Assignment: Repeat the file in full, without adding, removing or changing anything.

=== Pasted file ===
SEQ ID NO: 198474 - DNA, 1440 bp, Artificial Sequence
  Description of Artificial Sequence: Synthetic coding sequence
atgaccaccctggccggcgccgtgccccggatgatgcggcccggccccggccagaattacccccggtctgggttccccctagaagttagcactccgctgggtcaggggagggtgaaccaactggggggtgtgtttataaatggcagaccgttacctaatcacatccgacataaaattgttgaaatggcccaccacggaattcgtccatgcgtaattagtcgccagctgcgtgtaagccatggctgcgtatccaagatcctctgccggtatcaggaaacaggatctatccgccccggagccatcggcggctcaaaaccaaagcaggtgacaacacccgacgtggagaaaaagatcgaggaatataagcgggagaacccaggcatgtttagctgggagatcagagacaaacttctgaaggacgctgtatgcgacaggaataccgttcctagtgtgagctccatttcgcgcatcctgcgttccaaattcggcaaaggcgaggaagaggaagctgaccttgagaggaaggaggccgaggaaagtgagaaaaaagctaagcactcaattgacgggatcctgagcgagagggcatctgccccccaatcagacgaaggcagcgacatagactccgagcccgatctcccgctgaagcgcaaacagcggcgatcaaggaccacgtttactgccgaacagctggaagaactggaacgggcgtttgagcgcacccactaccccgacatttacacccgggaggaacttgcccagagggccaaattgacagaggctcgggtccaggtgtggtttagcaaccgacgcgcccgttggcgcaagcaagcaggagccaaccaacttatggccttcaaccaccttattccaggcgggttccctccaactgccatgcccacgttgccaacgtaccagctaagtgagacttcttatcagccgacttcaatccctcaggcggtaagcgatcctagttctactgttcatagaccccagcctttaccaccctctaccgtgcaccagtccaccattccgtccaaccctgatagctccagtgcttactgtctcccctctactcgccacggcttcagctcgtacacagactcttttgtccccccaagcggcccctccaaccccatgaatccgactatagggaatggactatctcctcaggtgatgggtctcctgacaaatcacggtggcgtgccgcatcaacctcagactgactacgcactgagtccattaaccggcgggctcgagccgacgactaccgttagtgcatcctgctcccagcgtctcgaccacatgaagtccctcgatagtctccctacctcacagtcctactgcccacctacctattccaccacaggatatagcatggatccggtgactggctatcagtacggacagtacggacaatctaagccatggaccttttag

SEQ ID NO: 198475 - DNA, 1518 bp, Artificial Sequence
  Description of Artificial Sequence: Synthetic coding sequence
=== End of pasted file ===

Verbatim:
SEQ ID NO: 198474 - DNA, 1440 bp, Artificial Sequence
  Description of Artificial Sequence: Synthetic coding sequence
atgaccaccctggccggcgccgtgccccggatgatgcggcccggccccggccagaattacccccggtctgggttccccctagaagttagcactccgctgggtcaggggagggtgaaccaactggggggtgtgtttataaatggcagaccgttacctaatcacatccgacataaaattgttgaaatggcccaccacggaattcgtccatgcgtaattagtcgccagctgcgtgtaagccatggctgcgtatccaagatcctctgccggtatcaggaaacaggatctatccgccccggagccatcggcggctcaaaaccaaagcaggtgacaacacccgacgtggagaaaaagatcgaggaatataagcgggagaacccaggcatgtttagctgggagatcagagacaaacttctgaaggacgctgtatgcgacaggaataccgttcctagtgtgagctccatttcgcgcatcctgcgttccaaattcggcaaaggcgaggaagaggaagctgaccttgagaggaaggaggccgaggaaagtgagaaaaaagctaagcactcaattgacgggatcctgagcgagagggcatctgccccccaatcagacgaaggcagcgacatagactccgagcccgatctcccgctgaagcgcaaacagcggcgatcaaggaccacgtttactgccgaacagctggaagaactggaacgggcgtttgagcgcacccactaccccgacatttacacccgggaggaacttgcccagagggccaaattgacagaggctcgggtccaggtgtggtttagcaaccgacgcgcccgttggcgcaagcaagcaggagccaaccaacttatggccttcaaccaccttattccaggcgggttccctccaactgccatgcccacgttgccaacgtaccagctaagtgagacttcttatcagccgacttcaatccctcaggcggtaagcgatcctagttctactgttcatagaccccagcctttaccaccctctaccgtgcaccagtccaccattccgtccaaccctgatagctccagtgcttactgtctcccctctactcgccacggcttcagctcgtacacagactcttttgtccccccaagcggcccctccaaccccatgaatccgactatagggaatggactatctcctcaggtgatgggtctcctgacaaatcacggtggcgtgccgcatcaacctcagactgactacgcactgagtccattaaccggcgggctcgagccgacgactaccgttagtgcatcctgctcccagcgtctcgaccacatgaagtccctcgatagtctccctacctcacagtcctactgcccacctacctattccaccacaggatatagcatggatccggtgactggctatcagtacggacagtacggacaatctaagccatggaccttttag

SEQ ID NO: 198475 - DNA, 1518 bp, Artificial Sequence
  Description of Artificial Sequence: Synthetic coding sequence